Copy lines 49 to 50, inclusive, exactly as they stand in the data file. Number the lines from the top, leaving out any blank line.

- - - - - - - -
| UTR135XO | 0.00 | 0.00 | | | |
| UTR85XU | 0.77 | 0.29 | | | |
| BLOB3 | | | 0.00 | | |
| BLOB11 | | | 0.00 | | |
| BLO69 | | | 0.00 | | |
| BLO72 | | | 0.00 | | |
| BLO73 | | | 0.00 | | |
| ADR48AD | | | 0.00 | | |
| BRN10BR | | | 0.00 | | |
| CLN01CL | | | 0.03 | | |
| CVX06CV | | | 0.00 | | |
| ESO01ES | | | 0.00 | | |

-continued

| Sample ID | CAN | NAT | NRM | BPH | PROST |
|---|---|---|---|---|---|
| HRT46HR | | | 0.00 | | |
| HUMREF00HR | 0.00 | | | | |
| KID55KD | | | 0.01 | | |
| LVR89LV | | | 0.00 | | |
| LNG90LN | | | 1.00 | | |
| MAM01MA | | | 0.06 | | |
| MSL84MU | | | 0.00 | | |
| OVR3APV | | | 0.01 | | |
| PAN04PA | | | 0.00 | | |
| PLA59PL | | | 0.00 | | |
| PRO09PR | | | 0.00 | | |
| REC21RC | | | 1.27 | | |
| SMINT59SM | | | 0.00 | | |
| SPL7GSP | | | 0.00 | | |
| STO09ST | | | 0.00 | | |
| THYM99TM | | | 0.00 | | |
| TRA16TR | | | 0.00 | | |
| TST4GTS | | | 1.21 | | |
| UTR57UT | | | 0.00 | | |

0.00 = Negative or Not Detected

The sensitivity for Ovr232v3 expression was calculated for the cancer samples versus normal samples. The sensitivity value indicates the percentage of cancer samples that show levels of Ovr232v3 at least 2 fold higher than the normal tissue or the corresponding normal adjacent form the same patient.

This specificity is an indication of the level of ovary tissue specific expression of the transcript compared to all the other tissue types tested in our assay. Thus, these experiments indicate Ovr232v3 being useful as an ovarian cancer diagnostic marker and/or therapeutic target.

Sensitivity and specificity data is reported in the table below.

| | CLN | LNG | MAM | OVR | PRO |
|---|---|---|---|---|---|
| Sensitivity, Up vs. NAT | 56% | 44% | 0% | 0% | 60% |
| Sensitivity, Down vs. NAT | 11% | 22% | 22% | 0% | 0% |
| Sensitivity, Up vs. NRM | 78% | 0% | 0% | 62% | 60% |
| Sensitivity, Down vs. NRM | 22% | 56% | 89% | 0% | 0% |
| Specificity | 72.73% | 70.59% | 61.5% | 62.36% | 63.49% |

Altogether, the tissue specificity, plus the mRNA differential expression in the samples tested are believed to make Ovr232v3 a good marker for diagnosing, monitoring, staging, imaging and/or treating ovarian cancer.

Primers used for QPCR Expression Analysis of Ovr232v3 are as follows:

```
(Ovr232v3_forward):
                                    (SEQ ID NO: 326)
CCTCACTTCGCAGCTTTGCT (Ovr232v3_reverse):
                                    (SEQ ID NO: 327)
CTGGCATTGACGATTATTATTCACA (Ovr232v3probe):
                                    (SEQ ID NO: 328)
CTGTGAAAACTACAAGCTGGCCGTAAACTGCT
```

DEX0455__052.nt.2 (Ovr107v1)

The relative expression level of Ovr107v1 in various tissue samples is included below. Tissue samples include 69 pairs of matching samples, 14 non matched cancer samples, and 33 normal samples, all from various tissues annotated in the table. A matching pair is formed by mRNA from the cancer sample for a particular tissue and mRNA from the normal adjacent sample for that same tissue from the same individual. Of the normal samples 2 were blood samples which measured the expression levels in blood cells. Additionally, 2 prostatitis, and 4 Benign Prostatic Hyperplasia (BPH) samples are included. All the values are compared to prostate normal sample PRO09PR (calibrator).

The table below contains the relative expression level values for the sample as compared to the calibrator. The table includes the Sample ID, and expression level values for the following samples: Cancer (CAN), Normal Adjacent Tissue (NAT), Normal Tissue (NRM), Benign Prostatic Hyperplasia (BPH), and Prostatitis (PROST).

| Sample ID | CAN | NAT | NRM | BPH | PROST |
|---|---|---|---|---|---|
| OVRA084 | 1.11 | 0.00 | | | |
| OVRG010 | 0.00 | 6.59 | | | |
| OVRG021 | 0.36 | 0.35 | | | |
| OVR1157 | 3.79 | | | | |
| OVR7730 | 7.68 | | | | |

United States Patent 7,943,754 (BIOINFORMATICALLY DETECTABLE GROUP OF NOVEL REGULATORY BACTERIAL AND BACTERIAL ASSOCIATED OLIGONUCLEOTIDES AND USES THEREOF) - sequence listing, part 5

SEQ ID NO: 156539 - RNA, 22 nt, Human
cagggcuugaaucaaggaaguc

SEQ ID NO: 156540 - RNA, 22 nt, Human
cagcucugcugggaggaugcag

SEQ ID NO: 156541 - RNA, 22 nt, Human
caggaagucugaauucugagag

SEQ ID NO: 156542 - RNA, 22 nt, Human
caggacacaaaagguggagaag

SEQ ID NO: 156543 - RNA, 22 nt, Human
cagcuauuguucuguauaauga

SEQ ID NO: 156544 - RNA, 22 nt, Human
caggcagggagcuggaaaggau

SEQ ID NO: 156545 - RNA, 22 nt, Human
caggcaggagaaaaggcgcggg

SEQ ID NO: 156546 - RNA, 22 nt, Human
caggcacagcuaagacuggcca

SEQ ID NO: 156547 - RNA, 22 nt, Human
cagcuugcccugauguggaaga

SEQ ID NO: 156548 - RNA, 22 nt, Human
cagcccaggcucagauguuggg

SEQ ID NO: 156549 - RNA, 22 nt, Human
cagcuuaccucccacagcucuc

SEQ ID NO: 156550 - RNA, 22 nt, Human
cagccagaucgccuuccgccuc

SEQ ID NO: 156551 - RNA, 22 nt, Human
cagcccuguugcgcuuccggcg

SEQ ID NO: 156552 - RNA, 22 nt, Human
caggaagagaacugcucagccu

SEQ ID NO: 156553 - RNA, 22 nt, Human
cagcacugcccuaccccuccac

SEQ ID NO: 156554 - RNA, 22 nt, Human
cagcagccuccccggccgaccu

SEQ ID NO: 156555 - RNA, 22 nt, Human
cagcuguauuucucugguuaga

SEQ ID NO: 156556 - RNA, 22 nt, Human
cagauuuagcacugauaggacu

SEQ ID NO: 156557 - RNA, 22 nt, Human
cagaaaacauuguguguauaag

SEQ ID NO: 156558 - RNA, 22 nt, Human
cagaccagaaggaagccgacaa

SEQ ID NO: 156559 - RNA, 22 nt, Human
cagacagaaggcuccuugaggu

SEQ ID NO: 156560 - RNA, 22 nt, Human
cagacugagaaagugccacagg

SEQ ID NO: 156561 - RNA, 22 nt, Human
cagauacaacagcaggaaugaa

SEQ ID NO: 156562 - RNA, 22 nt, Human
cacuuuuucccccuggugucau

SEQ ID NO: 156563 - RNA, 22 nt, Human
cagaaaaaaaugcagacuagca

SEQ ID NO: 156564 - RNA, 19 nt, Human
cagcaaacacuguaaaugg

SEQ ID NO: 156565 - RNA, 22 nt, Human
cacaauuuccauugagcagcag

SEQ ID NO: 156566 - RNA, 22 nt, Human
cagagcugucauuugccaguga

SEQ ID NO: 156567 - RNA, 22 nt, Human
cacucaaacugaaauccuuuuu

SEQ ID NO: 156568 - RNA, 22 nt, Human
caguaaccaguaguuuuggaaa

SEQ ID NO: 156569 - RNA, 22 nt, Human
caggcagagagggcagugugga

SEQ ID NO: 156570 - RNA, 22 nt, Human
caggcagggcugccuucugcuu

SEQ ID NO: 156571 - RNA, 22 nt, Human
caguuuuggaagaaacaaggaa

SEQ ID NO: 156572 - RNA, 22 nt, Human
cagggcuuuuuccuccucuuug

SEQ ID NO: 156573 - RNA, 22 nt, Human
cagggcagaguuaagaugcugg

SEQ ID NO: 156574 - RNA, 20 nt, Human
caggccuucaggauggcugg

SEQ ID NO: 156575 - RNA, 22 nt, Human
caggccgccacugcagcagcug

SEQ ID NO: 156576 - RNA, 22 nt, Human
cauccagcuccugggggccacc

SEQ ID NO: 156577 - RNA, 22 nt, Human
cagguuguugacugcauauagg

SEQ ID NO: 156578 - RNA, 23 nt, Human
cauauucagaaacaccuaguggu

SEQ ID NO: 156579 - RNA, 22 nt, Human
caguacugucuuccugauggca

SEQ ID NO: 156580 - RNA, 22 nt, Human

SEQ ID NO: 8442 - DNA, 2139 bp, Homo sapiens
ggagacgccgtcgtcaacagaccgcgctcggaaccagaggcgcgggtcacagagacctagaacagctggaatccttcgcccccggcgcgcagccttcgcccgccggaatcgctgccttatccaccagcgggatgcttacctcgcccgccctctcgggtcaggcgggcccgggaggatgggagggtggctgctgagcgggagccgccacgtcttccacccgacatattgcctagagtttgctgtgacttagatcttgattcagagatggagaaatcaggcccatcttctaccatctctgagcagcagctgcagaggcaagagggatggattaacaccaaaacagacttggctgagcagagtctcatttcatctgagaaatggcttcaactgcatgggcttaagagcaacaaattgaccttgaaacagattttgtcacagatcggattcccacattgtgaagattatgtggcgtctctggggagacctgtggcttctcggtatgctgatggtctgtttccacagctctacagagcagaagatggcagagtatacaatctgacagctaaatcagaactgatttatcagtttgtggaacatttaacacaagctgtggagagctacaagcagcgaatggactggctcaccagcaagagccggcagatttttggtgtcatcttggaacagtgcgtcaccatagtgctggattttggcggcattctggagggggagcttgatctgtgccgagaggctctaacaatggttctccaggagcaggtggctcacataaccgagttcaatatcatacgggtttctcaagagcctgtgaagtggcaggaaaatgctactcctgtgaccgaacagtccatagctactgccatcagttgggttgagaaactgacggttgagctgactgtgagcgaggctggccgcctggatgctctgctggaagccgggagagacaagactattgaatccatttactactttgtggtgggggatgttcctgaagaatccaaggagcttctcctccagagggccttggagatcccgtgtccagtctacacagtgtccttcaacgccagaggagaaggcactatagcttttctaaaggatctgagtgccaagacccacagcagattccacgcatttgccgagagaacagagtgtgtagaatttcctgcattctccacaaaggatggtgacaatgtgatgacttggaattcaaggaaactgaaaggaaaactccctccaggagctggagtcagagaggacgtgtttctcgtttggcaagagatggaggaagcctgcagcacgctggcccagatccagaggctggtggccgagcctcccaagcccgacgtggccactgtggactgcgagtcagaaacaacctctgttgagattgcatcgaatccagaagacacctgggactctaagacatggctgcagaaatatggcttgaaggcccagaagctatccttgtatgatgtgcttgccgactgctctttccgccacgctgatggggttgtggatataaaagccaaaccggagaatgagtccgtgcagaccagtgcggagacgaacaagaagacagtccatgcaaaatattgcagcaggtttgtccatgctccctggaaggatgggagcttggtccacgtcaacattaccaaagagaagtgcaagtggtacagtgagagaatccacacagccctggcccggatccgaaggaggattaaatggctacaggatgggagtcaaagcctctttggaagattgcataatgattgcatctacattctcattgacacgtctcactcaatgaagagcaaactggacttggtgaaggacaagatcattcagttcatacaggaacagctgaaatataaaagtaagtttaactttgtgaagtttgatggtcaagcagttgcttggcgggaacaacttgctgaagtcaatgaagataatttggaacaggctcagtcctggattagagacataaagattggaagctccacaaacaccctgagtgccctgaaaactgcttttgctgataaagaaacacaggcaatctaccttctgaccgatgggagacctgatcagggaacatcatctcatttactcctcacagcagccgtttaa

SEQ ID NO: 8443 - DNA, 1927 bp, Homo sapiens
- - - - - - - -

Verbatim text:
(Ovr232v3_forward):
                                    (SEQ ID NO: 326)